We seem to have reached a point in baseball history where it is–what is the word?–understood that the Yankees somehow deserve to get the best available player on the trading block. When they don’t, their owner and fans appear shocked. With Freddy Garcia gone to Chicago and Carlos Beltran now in Houston, it will be interesting to see how firm Arizona’s resolve to keep Randy Johnson will be. The Newark Star-Ledger has also been kicking up some Tom Glavine-to-the-Yankees talk. It stands to reason. Glavine has been the best pitcher in baseball so far in 2004 (39.3 VORP, besting runners-up Mark Mulder and Carl Pavano), so it only makes sense that he should be on the Yankees. Why? Because it’s the Yankees’ world and we’re just the extras sent over by Central Casting to fill in their background.
It was my pleasure to see former A’s great Rickey Henderson play for the Newark Bears on Wednesday night. I’m reminded of that scene in “Eight Men Out” when Joe Jackson is playing out the string on an independent team late in life–except, of course, that Henderson is not banned or anything like that. His at-bats were much like you remember them from his major league career. He came to the plate five times and saw a total of 32 pitches. He drew two walks and hit a single. His first trip to the plate came against Bill Pulsipher of the Long Island Ducks. On a night when Jason Isringhausen pitched for the Cardinals and Paul Wilson was resting up after pitching for the Reds the night before, Pulsipher looked pretty bad. Not that he was necessarily hit hard–none of the five hits he gave up were especially tagged (he also walked a batter without retiring anyone). It was his appearance. If he is serious about getting back to the majors, he needs to trim some ballast. Spare tires are acceptable only after one has won 15 games in a season.
I would have bet real, actual cash money that more 1931 teams would have made the top 10 given that the entire league fell off by 61 points from 1930, but only the Pirates made the cut. Every National League team dropped by at least 44 points. Four Pirate regulars slugged over .500 in 1930; the high man the next year was Hall of Famer Paul Waner, at .453.
On the other hand, we have the Tigers, a team that finished 116 points behind the Red Sox last year in slugging. They have closed that gap to just 11 points through this juncture of the season.
Largest improvements in team slugging, 2003-2004:
White Sox: +32
Baseball exists in two parallel universes. It serves two masters. It has a foot in two worlds. It straddles a fence. It balances on two horses like a rider at an old west show…and so on and so forth.
On the one hand, it must entertain its paying customers and viewers. On the other, it is the prime directive of its participants to succeed. Often, these two missions are at odds (although you would never get most of the men inside the game to admit to that).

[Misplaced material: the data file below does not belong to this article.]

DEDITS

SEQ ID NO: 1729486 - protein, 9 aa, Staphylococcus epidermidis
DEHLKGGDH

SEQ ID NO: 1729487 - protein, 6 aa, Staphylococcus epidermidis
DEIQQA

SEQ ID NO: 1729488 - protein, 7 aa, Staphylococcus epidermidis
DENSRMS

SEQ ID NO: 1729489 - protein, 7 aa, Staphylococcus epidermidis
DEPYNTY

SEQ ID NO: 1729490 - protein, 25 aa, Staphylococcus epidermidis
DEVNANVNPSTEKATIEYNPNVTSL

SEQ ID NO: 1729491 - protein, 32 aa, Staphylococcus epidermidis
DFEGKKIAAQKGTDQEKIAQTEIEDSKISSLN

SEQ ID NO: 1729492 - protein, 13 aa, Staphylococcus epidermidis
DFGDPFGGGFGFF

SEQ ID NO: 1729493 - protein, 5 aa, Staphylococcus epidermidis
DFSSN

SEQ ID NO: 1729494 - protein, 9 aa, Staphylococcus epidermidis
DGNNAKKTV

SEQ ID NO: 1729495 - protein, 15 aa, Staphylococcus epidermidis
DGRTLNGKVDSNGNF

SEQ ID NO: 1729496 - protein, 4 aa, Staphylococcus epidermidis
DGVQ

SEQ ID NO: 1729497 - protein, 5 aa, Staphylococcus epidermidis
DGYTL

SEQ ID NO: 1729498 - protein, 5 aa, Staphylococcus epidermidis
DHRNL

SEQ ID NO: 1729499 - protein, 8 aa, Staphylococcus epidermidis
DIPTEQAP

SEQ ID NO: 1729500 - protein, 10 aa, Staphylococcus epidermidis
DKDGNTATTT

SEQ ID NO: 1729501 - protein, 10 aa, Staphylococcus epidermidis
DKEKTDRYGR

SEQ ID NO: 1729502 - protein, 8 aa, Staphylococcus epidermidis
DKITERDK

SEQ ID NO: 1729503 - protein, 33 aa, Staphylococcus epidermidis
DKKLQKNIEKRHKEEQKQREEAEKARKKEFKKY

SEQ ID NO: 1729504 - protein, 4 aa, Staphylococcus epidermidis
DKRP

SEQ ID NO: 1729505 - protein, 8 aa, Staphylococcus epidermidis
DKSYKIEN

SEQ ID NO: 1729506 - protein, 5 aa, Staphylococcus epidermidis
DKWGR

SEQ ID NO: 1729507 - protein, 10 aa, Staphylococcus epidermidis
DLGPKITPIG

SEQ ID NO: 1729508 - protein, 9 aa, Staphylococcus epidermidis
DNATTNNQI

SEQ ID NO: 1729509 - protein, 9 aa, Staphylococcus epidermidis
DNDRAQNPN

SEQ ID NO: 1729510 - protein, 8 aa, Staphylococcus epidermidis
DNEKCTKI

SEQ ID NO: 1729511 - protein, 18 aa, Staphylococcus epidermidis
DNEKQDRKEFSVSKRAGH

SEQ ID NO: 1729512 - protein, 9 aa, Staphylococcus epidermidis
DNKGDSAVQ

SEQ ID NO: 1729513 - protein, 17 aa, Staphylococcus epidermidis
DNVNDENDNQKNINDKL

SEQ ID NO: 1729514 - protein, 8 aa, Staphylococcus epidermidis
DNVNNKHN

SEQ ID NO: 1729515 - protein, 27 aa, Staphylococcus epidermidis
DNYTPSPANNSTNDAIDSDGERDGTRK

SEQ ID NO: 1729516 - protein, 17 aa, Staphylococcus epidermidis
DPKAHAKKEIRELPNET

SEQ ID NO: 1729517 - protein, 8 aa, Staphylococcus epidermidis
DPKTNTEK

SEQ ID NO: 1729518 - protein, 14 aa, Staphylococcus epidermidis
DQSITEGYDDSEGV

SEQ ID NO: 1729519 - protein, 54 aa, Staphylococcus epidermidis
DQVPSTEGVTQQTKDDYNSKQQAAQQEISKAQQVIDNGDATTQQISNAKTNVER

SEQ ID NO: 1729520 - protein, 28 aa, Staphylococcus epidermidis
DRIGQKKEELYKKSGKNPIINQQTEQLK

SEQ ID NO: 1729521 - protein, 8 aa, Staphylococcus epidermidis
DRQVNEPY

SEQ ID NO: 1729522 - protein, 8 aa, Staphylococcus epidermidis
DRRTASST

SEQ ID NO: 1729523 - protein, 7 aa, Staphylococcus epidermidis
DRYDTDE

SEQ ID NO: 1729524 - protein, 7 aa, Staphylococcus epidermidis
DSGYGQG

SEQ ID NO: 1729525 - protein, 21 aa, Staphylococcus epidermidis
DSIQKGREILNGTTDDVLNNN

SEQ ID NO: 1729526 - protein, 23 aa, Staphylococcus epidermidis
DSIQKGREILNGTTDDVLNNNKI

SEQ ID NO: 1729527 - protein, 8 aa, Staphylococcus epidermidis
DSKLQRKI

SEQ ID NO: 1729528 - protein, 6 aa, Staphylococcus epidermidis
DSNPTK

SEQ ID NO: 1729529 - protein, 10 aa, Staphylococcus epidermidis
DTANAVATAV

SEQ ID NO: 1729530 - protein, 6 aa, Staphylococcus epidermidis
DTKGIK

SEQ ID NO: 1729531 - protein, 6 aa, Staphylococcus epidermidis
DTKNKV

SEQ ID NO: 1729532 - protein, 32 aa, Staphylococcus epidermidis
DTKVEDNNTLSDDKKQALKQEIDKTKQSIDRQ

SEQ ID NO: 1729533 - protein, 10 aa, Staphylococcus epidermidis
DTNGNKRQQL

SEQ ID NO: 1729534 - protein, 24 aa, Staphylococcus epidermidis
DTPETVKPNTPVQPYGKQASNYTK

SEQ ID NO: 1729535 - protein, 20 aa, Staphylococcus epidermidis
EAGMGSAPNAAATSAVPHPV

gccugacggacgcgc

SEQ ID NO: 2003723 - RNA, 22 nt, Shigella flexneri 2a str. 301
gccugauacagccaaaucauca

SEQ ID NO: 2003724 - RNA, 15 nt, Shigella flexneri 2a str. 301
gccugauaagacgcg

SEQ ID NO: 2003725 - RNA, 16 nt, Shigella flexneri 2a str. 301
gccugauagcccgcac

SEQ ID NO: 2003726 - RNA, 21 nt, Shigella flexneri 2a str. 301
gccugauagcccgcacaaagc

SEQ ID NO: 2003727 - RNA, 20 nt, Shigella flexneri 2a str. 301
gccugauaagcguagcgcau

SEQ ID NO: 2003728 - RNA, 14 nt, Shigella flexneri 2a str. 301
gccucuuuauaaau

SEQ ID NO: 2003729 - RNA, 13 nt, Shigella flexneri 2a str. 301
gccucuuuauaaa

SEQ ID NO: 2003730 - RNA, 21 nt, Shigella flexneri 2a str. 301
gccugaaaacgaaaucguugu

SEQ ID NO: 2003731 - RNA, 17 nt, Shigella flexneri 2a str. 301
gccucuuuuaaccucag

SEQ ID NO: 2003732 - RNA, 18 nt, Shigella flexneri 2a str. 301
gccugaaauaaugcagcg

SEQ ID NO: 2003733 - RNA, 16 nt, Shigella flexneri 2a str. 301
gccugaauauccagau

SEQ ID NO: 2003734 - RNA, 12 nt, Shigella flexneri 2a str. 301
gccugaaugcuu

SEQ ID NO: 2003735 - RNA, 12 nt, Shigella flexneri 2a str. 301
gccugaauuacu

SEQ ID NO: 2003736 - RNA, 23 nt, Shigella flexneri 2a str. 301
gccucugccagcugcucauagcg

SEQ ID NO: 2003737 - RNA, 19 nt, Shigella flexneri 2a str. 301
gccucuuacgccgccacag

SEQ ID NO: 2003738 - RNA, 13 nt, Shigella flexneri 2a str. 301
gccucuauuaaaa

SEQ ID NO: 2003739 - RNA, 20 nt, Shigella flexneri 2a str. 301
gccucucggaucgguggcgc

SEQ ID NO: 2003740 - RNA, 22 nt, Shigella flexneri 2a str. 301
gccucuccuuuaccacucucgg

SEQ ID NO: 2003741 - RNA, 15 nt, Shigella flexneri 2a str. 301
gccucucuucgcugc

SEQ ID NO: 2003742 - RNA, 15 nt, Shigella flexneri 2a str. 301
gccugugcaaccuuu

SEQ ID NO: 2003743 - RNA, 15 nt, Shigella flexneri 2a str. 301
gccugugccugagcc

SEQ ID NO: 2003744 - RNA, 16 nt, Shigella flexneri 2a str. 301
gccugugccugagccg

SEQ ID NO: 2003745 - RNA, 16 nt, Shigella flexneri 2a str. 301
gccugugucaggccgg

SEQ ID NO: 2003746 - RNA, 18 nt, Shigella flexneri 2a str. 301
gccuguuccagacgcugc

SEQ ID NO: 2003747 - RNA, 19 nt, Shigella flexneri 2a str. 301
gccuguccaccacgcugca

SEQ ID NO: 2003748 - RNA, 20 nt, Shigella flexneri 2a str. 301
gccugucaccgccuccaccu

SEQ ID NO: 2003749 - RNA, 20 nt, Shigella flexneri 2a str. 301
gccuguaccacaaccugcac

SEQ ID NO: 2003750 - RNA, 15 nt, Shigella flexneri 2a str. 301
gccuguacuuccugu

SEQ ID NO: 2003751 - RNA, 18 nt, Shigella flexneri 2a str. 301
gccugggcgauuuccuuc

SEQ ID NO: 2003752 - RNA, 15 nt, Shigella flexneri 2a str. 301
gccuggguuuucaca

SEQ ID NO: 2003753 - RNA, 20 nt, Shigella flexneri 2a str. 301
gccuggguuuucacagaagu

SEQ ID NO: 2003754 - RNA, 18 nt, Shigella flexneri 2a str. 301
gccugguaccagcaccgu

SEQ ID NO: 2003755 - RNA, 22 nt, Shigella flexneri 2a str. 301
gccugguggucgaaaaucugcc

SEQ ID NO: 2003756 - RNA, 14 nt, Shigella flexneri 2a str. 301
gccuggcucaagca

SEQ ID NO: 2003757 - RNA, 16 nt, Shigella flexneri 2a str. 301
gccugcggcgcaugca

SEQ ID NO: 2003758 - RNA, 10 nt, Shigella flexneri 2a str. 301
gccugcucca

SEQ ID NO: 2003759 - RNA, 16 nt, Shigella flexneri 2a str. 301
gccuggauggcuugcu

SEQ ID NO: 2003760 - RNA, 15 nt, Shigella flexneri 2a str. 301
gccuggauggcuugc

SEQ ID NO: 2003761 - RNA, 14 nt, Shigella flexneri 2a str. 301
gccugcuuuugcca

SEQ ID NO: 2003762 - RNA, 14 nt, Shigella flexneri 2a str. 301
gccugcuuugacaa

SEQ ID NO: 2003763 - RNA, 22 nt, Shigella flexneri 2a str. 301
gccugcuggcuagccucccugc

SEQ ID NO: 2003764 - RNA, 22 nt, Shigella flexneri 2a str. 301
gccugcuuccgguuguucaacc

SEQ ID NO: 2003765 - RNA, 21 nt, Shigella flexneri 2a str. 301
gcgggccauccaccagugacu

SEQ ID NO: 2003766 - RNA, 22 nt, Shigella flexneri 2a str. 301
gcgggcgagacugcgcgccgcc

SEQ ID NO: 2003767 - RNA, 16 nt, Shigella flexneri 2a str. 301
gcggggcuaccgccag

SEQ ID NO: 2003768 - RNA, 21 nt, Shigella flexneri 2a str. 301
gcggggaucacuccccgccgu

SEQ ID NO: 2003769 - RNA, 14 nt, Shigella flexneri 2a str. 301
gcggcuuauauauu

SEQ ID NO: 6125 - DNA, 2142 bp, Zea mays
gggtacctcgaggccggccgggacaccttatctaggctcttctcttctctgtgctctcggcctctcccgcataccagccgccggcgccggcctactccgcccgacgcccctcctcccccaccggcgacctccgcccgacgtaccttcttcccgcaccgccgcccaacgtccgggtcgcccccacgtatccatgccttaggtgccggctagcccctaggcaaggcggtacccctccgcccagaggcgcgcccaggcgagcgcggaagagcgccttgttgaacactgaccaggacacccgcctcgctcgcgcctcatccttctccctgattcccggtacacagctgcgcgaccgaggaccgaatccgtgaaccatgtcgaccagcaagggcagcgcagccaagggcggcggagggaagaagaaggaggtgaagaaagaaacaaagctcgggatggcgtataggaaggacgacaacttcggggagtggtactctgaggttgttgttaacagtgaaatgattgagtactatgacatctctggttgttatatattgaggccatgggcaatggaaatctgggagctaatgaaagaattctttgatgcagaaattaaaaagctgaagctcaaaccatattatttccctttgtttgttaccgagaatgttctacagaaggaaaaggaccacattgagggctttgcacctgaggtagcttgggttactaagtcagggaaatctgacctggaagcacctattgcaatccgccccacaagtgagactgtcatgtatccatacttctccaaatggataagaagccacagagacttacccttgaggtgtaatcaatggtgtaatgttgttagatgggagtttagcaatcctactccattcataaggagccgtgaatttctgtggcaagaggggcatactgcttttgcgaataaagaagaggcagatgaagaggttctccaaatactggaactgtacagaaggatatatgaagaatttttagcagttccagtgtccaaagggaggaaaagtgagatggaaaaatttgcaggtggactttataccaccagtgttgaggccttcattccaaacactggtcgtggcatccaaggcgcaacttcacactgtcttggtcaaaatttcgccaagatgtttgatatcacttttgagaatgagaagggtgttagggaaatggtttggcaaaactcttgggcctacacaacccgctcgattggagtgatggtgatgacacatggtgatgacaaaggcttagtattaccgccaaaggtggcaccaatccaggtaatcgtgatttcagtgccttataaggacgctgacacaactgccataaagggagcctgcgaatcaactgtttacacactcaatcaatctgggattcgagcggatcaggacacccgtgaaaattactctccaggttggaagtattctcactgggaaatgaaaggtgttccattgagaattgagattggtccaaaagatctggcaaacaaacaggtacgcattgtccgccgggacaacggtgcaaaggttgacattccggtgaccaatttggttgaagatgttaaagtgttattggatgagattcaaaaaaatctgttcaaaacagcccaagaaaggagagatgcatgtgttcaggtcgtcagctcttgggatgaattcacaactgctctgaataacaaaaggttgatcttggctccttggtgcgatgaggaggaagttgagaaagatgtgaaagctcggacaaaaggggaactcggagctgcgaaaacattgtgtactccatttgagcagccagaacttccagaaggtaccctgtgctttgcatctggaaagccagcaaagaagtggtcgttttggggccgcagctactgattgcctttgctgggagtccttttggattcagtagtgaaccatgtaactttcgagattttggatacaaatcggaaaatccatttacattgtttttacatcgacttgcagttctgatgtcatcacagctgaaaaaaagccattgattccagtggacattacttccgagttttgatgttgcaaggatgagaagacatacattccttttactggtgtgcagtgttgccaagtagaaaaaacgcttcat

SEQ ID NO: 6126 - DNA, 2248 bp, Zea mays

While some plays are completely frustrating on a strategic level, they serve to entertain the paying customer and home viewer. These are, for the most part, the plays that have long been called into question by the analytical sector of the baseball community. Even those of us in that community cannot deny that when they occur, they can be visually dynamic and bring a jolt to the heart while they’re happening. It is only afterward, when the dust has settled and the nitro pills we so desperately require have done their good work that we call into question the logic of such moves–no matter how much they may have thrilled the eye while they were underway.
Closest Matchup (Teams with records most resembling one another): Texas @ Cincinnati
Anyway you smack the numbers around, the Reds are riding for a fall. As we all know, teams that get outscored the way they have don’t fare well in the long run. Going into last night’s game against Philadelphia, the Reds had been outpolled by 24 runs. This put them five or six games ahead of where they should be, depending on which version of the Pythagorean you want to use. Having said that, you can find that entire 24-run differential in their meltdown against the A’s last week. If you toss that series away, they’d actually be 284-284 in runs scored and runs against. This still means they’re playing over their heads, but not by as much. Are we letting one disastrous series get in the way of assessing them honestly? On the other hand, that disastrous series helped call attention to the fact that this was a team riding a little too high.
Do you miss the time when a 34-28 record was a 34-28 record? You know, back in the good old days, when they didn’t used to clog the mind by putting the number of runs a team scored and allowed right there so you could make your own value judgments. Actually, newspapers still don’t do that. Instead, they give us streak info and interleague play records. What is interesting is that the NFL standings have had the points for and against since…well, ever since I can remember. When you think about it, with a smaller schedule, NFL PF/PA can get skew a lot worse than a baseball record can. I’d like to see newspaper sport sections leap into the 21st Century and start including runs scored and runs against, wouldn’t you?
Back before Al Gore invented Sabermetrics, I would have forgiven Sports Illustrated for their cover story on Derek Jeter and slumps. In this day and age, though, I have to get more from a publication of S.I.’s stature than the usual interview-the-player/manager/GM/ask-the-anonymous-scout kind of article. The topic of slumps is a fascinating one beginning with the concept of whether they–like alien invaders, auras and repressed memories–even exist at all. There were several times in Tom Verducci’s article that I thought he was going to veer into that very area. At one point, he quotes Bob Uecker (lifetime .200 batting average but, let us never forget, a man who always walked at least once every 10 at-bats) as saying, “I had slumps that lasted into the winter.”
Here was an opportunity for a great segue into a couple of paragraphs into how things tend to even out over time for the good hitters and “slumps” seem permanent for the bad ones–and by “bad” I mean, those with lower batting averages. Which is another problem with the piece–it’s all about batting averages. With so much research afoot about balls in play and the declining import of BA, the article treats the stat like the intended audience was the 1955 subscriber base of Sport magazine. Did we learn nothing from the Yankee experience of April 2004? S.I. is a great magazine with some of the best photos ever taken on the planet, and several writers who kick the language in the ass. In other words–they have what it takes to be more probative than this.
Time was that the baseball amateur draft was held in relative quietude, unnoticed by fans and media alike. In the past few years, that has changed dramatically. While still not as over-the-top as its football and basketball counterparts, baseball’s drafting of schoolboy and collegiate talent gains more notice with each passing year.
In spite of the increased scrutiny, there are still a large number of young men out there who escape notice in the days and weeks leading up to the draft. Baseball Prospectus presents here a few of those players more deserving of national attention.